FIFA president Gianni Infantino will be re-elected this week to lead a richer-than-ever football body with an ambition to add new and bigger competitions despite growing wariness of him in Europe.
FIFA’s wealth after the World Cup in Qatar — $4 billion in reserves to be shared among the 211 member federations and lots more to come from the expanded 104-game edition in 2026 in North America — is a big reason why Infantino has no opponent on Thursday in Rwanda for four more years in office.
Since Infantino’s first re-election in 2019, two of football’s biggest issues were FIFA wanting biennial World Cups and storied clubs wanting a European Super League. Both plans failed.
Infantino pushed hard for more World Cups, a prospect that would directly challenge the European Championship and Copa América and also unsettle the Olympic world. While not publicly backing the Super League, he spoke with rebel clubs and seemed at least sympathetic to them despite the intended disruption of European football’s domestic structure.
The governing bodies of European and South American football have stopped much of Infantino’s intended empire-building. However, combining for only 65 of 211 votes means they cannot win the presidency alone.
Members that are typically more dependent on FIFA money are satisfied with Infantino, who has built a solid power base in Africa.
All six regions will also get more places, and more FIFA money, from the first 48-team men’s World Cup in 2026. It should be the high point of Infantino’s next term in a presidency that might not yet have reached halftime.
Since Infantino’s previous election, FIFA organized two slick World Cups in packed stadiums on either side of a pandemic that shut down football for parts of 2020 and 2021, including some of its own youth tournaments.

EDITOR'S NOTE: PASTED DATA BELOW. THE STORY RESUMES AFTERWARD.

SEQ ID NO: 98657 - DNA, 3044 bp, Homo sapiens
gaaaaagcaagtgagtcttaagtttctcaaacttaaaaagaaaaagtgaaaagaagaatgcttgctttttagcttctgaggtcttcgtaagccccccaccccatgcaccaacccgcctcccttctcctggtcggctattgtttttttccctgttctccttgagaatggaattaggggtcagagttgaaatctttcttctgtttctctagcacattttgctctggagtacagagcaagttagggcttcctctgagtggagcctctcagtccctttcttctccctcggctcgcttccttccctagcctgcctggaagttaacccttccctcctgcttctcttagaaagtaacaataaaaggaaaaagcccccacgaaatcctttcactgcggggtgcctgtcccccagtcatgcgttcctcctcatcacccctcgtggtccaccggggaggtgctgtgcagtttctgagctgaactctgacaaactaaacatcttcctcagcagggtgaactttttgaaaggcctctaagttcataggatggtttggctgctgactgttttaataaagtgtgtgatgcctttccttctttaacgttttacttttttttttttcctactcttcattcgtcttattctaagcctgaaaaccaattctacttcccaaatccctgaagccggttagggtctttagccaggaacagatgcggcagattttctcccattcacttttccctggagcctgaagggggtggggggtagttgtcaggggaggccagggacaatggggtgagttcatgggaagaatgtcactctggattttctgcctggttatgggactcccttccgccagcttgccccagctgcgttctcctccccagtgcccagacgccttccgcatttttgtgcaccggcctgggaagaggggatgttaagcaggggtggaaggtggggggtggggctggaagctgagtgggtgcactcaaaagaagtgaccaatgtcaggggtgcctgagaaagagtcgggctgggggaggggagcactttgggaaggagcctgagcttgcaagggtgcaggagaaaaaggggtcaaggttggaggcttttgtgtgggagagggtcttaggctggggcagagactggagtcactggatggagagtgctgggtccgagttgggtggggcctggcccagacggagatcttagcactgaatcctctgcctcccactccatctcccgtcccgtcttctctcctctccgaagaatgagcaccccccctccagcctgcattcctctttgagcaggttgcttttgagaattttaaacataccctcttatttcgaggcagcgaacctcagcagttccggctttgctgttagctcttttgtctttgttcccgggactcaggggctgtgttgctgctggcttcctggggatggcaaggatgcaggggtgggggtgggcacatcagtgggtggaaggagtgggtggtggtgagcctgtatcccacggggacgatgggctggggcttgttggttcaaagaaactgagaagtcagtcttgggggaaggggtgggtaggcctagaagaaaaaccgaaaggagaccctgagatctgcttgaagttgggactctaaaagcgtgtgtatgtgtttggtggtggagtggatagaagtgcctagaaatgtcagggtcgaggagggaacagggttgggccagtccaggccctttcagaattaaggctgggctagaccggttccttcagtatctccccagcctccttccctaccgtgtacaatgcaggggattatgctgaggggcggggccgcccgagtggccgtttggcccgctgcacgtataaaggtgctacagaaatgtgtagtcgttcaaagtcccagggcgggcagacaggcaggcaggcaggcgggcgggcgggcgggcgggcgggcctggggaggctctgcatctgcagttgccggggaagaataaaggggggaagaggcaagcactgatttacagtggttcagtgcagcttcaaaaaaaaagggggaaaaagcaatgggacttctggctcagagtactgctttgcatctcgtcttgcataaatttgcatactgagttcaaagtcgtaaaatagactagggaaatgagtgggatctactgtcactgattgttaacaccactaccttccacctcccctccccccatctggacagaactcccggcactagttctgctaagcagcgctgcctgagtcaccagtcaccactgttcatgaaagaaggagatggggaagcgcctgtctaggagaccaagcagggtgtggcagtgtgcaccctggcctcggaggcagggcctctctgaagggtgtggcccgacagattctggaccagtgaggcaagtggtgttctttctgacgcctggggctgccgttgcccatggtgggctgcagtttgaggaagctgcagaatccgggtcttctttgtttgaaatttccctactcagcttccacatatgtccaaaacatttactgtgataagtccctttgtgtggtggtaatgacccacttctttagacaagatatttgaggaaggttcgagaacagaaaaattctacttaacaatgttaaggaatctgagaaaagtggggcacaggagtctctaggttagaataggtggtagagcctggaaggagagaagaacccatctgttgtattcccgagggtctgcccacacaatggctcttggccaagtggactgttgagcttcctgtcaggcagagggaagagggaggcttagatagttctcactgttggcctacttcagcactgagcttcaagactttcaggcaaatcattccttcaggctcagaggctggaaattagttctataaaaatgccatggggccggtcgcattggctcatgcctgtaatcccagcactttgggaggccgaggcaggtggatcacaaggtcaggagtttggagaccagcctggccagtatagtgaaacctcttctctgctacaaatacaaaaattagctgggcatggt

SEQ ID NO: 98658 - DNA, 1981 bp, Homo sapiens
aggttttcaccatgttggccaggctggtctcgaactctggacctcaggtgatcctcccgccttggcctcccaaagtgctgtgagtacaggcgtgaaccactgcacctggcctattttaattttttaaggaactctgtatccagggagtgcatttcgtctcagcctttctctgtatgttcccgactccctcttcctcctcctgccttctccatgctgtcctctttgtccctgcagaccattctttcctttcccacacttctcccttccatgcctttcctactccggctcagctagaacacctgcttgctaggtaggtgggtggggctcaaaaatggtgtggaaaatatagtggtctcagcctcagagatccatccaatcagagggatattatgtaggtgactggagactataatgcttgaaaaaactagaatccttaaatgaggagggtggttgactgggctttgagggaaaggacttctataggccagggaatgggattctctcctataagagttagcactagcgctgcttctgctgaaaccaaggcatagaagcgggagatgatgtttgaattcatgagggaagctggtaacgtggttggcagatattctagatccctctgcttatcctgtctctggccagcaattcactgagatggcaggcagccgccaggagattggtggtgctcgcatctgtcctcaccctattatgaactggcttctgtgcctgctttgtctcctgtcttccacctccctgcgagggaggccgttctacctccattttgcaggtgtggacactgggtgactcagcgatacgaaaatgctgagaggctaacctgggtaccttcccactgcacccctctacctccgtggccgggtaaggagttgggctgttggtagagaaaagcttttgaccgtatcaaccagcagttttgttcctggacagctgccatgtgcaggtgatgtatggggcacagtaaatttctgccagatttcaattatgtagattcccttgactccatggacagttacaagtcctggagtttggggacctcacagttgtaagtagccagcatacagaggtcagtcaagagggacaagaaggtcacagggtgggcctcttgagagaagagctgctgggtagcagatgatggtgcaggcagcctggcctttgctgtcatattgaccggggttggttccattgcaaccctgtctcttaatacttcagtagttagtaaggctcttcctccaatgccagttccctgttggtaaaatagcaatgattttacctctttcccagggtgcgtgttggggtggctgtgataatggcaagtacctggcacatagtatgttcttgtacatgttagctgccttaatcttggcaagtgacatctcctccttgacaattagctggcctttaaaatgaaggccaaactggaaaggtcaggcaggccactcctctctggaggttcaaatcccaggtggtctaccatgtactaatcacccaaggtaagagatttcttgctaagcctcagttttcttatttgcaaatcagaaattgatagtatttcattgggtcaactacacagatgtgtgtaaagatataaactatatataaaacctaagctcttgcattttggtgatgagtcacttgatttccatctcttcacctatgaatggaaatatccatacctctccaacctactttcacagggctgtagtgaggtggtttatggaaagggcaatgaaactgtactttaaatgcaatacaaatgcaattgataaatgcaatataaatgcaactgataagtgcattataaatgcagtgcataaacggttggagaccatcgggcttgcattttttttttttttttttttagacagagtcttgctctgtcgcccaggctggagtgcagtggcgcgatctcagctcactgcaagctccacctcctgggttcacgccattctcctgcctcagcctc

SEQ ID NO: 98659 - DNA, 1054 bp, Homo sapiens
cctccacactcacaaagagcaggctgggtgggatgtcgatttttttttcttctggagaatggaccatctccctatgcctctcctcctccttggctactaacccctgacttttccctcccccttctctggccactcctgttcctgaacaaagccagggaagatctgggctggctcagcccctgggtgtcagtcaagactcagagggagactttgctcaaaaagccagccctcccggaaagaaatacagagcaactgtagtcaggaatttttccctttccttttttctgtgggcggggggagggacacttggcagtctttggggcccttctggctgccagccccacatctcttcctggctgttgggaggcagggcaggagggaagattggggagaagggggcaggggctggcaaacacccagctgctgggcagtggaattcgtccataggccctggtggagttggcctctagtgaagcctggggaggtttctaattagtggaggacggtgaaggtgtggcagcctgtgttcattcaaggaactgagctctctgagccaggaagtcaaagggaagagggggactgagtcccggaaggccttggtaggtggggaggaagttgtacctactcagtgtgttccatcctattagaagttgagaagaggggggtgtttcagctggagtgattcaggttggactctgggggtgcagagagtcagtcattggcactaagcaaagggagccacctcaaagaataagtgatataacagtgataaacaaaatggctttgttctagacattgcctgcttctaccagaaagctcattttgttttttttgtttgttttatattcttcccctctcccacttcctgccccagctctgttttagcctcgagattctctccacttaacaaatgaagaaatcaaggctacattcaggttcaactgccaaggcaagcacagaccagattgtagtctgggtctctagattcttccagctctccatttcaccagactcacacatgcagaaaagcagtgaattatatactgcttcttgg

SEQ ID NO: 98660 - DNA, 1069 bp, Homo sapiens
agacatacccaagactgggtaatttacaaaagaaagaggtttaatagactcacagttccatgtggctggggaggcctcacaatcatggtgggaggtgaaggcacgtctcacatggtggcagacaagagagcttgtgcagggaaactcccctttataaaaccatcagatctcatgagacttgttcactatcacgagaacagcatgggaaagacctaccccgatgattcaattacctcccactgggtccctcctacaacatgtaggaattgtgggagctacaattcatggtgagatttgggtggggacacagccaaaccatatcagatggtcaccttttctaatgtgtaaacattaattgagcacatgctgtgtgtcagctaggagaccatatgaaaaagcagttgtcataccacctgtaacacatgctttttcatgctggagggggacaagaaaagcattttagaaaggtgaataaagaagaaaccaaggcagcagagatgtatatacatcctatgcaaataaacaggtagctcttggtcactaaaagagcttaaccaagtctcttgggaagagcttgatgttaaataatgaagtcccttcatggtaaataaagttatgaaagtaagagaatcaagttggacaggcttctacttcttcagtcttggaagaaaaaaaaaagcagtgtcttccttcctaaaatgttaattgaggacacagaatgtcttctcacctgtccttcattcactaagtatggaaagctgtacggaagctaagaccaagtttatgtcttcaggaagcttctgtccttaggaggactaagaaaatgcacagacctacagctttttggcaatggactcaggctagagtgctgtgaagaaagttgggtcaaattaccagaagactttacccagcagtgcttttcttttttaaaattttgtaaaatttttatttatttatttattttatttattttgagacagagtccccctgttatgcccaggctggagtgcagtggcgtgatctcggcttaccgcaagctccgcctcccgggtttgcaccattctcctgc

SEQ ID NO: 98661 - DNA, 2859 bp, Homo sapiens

The 2019 Women’s World Cup in France drew a global broadcast audience of more than 1 billion viewers. The 2023 edition in Australia and New Zealand will grow from 24 to 32 teams.
The 2022 World Cup in Qatar finally happened after a relentlessly problematic 12-year preparation. It ended on a high with an instant classic final of Lionel Messi winning the trophy with Argentina at the age of 35.
Infantino inherited Qatar in 2016 from the turmoil of Sepp Blatter’s last years, and ultimately went to live in Doha — tying himself completely to the World Cup host. A remarkable eve-of-tournament news conference was a polarizing event seen as a big win by Qatar and Infantino’s allies. Much of Europe, as usual, had a different view to being criticized.
Infantino and FIFA believe the World Cup in Qatar accelerated social change and was a model for other Middle East states.
Infantino’s courting of actual politics and world leaders — Donald Trump, Mohammed bin Salman and Emmanuel Macron have been regular cohorts — can disguise achievements in FIFA’s basic work.
Regulating the football industry has been more streamlined and progressive, such as protecting players’ maternity rights and trying to ensure small clubs get their entitled share of hundreds of millions of dollars from transfer fees of players they nurtured.